# How does base of a number relate to modulos of its each individual digit?

I encountered a programming problem that need a little math. Since I took number-theory long time ago, from the top of my head, I could not think of a way to approach this problem.

Give a base 'b' ( 2, 3, 4, 5, 6 ... -> 26 ). So if I'm at base 10, I will have 10 digits: 0, 1, 2, 3...9. The digit of a base 'b' is called interesting if it satisfy this condition: 3 is an interesting digit because 118*3 = 354 and 3+5+4 = 12. Which means both 354 and 12 divides 3. By look at the result sets, I can see the relation is:
if b mod d = 1 then d is an interesting digit.
For example: 10 mod 9 = 10 mod 3 = 1. So both 3, 9 are interesting digits in base 10.

How could I prove this? Any hint?

Thanks,
Chan

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You seem to be asking for what digits $\displaystyle 0 \lt d \lt b$ can we apply the following divisibility test:

A number is in base $\displaystyle b$ is divisible by $\displaystyle d$ if the sum of digits of the number is divisible by $\displaystyle d$.

This is certainly true for $\displaystyle b = 1 \mod d$.

Because $\displaystyle \sum_{k=0}^{n} a_k b^{k} - \sum_{k=0}^{n} a_k = \sum_{k=0}^{n} a_k (b^k -1) = 0 \mod d$

Thus $\displaystyle \sum_{k=0}^{n} a_k b^{k} = \sum_{k=0}^{n} a_k \mod d$.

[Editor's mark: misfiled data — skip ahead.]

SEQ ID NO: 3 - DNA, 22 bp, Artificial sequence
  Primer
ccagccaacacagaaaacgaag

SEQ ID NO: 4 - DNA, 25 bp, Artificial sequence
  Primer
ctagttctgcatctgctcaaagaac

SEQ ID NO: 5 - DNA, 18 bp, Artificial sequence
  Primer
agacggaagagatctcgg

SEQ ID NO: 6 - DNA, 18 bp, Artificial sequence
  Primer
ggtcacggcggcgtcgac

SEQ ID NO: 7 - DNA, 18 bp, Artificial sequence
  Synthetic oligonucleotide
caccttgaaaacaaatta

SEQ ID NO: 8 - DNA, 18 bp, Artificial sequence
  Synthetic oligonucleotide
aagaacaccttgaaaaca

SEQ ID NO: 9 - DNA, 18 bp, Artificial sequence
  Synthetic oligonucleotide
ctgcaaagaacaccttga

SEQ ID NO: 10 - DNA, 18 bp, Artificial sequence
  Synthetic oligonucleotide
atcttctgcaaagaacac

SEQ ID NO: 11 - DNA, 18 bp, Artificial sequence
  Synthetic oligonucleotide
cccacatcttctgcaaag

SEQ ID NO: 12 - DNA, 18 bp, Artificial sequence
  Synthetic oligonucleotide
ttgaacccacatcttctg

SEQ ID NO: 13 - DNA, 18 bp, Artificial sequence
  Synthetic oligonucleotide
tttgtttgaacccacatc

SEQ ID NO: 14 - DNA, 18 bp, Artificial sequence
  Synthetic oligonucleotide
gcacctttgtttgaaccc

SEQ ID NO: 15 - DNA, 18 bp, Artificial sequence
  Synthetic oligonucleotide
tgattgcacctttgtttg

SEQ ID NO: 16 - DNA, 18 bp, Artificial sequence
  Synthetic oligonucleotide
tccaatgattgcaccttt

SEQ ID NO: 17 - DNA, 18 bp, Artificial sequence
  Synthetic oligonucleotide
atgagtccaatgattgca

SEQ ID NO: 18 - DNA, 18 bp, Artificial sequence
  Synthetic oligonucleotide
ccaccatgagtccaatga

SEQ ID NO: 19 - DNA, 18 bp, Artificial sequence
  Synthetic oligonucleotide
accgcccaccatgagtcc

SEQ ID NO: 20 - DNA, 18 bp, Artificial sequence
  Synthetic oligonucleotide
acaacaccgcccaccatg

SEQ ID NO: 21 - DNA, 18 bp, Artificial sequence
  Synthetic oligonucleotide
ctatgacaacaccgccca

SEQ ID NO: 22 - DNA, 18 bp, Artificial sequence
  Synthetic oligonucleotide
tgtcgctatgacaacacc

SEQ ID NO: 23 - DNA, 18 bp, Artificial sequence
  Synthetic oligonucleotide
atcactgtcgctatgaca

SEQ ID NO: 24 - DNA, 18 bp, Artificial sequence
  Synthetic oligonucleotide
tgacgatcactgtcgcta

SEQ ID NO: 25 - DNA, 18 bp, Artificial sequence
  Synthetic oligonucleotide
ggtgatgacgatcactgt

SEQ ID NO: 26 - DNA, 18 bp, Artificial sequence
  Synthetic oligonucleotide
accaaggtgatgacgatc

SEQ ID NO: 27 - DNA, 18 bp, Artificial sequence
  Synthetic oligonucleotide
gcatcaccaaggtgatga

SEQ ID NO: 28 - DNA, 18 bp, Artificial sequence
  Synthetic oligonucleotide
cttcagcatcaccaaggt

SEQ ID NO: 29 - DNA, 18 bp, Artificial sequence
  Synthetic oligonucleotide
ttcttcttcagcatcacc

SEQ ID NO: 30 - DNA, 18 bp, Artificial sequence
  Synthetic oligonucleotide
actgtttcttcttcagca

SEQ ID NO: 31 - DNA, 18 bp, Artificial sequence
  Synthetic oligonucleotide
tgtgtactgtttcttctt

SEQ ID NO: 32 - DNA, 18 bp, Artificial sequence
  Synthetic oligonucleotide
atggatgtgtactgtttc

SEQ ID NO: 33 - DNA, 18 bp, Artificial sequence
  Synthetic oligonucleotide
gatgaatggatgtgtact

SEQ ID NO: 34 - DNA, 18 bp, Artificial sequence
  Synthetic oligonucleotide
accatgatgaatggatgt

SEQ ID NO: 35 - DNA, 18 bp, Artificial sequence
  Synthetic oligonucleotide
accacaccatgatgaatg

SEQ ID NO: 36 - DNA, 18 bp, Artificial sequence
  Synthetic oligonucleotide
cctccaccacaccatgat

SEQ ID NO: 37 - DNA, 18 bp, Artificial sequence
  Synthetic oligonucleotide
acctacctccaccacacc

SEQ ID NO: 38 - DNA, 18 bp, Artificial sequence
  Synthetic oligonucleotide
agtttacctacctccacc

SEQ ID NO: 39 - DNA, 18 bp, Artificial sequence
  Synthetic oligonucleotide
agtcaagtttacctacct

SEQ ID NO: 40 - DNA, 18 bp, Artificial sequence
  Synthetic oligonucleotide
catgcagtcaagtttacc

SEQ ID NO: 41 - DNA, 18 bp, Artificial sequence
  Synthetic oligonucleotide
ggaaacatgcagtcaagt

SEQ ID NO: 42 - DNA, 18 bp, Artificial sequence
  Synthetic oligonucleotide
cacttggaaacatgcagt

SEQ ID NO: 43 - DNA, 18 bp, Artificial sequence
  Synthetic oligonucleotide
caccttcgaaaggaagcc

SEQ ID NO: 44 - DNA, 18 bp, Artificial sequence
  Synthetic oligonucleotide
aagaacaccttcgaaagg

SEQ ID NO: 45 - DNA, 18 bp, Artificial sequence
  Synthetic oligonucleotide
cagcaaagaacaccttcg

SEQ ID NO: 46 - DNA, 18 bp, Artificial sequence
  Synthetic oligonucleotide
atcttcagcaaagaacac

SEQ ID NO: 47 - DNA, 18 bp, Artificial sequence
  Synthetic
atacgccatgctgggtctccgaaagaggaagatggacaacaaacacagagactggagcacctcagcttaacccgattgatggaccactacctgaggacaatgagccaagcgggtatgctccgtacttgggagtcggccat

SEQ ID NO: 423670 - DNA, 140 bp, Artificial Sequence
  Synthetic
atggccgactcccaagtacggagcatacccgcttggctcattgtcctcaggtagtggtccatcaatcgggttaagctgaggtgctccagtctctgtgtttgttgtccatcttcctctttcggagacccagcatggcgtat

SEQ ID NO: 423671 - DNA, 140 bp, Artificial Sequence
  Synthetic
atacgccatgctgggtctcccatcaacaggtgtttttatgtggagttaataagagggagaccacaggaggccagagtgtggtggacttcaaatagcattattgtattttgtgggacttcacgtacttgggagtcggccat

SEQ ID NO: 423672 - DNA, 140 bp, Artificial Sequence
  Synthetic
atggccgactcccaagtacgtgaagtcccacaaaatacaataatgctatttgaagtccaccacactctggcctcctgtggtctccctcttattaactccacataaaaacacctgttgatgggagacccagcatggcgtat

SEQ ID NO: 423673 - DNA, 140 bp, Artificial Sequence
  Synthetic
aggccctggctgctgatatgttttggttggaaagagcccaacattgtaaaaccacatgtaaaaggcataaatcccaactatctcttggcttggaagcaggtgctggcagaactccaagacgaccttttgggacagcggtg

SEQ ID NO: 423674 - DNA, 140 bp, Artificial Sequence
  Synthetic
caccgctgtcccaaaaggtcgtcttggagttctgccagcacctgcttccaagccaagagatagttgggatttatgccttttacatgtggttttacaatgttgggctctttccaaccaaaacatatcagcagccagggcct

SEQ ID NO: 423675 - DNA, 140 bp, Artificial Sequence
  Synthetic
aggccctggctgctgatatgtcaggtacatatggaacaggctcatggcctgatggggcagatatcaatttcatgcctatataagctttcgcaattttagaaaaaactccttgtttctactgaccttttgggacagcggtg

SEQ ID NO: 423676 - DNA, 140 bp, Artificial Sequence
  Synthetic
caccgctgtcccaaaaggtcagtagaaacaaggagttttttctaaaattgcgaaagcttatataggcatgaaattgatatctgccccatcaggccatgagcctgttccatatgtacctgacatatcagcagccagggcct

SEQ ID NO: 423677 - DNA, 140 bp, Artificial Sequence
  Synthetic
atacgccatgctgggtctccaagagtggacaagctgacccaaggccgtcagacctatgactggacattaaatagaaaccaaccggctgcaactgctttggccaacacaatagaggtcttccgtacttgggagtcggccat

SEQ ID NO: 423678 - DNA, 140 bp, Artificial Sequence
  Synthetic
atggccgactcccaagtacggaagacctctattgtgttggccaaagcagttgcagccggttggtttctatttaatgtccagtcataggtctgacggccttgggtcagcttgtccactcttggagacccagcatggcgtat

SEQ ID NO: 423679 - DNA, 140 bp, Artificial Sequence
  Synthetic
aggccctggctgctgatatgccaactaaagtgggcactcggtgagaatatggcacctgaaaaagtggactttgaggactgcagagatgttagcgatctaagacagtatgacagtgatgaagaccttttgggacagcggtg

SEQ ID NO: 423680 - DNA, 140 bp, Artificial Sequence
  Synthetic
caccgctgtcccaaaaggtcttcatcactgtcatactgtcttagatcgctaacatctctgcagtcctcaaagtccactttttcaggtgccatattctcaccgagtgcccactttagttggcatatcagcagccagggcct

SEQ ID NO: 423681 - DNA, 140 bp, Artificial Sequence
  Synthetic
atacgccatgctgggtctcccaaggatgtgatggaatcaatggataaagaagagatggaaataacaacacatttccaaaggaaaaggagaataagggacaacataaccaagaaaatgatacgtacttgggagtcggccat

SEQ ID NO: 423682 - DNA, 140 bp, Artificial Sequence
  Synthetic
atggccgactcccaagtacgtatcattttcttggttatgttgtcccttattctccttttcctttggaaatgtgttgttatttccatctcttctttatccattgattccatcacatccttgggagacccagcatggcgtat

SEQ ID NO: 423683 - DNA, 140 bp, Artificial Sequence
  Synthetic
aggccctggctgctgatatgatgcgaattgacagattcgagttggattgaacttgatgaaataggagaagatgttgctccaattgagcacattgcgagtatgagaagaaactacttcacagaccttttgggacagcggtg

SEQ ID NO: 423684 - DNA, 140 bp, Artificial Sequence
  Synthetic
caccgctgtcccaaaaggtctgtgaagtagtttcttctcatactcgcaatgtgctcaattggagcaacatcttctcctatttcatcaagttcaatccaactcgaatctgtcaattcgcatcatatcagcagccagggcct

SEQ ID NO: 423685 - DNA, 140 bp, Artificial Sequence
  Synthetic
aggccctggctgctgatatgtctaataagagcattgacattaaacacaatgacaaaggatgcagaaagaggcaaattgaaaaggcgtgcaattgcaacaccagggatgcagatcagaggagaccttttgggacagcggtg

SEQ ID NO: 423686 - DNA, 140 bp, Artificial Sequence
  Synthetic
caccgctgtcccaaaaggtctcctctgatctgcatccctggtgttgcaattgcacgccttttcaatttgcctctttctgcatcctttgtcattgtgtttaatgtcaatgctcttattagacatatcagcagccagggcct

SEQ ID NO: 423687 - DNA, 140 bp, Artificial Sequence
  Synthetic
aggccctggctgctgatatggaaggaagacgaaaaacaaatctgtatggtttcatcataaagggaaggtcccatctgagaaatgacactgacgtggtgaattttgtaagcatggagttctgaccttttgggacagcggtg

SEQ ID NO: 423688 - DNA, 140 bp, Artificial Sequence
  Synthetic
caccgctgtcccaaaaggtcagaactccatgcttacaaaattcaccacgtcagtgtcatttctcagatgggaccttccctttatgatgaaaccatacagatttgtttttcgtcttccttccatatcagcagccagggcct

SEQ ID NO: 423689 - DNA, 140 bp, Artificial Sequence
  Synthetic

If $\displaystyle b = r \mod d$ where $\displaystyle r \neq 1$, then we have that there is some $\displaystyle k$ for which $r^k - 1 \neq 0 \mod d$.

The number with $\displaystyle 1$ as the digit correponding to $\displaystyle b^k$, and $\displaystyle d-1$ in as the "units" digit (corresponding to $\displaystyle b^0$) is a counterexample to the divisibility rule for $\displaystyle d$.

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thanks a lot! After reading your solution, I feel so shame of myself! – Chan Jan 12 '11 at 17:08
@Chan: Don't be. Everyone misses the most obvious things sometime... And I would not call this one obvious. – Aryabhata Jan 12 '11 at 17:29

If $b \ne 1 \pmod d$, then the number $10$ in base $b$ shows that $d$ is not interesting: it represents the number $b$, so it is not equal to $1 \pmod b$; but $1 + 0 = 1$. This, together with Moron's answer, shows that your conjecture is correct.

Edit Taking the question literally, I really need to exhibit a number that is divisible by $d$ but the sum of whose digits is not; or vice versa. If $d < b$, take the number $1.(d-1)$; the sum of its digits is $d$, but it represents $b+d-1$, which is not divisible by $d$. If $d \ge b$, then the representation of $d$ in base $b$ is two or more digits, so their sum must be less than what they represent (because all but the last digit represent numbers greater than themselves).

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You are disproving a stronger statement: "The number and the sum of digits have the same remainder". – Aryabhata Jan 12 '11 at 17:39
Thanks Moron, you're right. I've added a codicil. – TonyK Jan 12 '11 at 17:46

This is simply the radix $\rm\:b\:$ generalization of casting out nines. Generally, if $\rm\:d\:$ divides $\rm\ b-1\$ then $\rm\: mod\ \ d:\:\ \ b\equiv 1\ \Rightarrow\ a_n b^n +\:\cdots\: + a_1 b + a_0 \ \equiv\ a_n +\: \cdots\: + a_1 + a_0\: =\:$ sum of the radix $\rm\:b\:$ digits. For further remarks on casting out nines see my post here.

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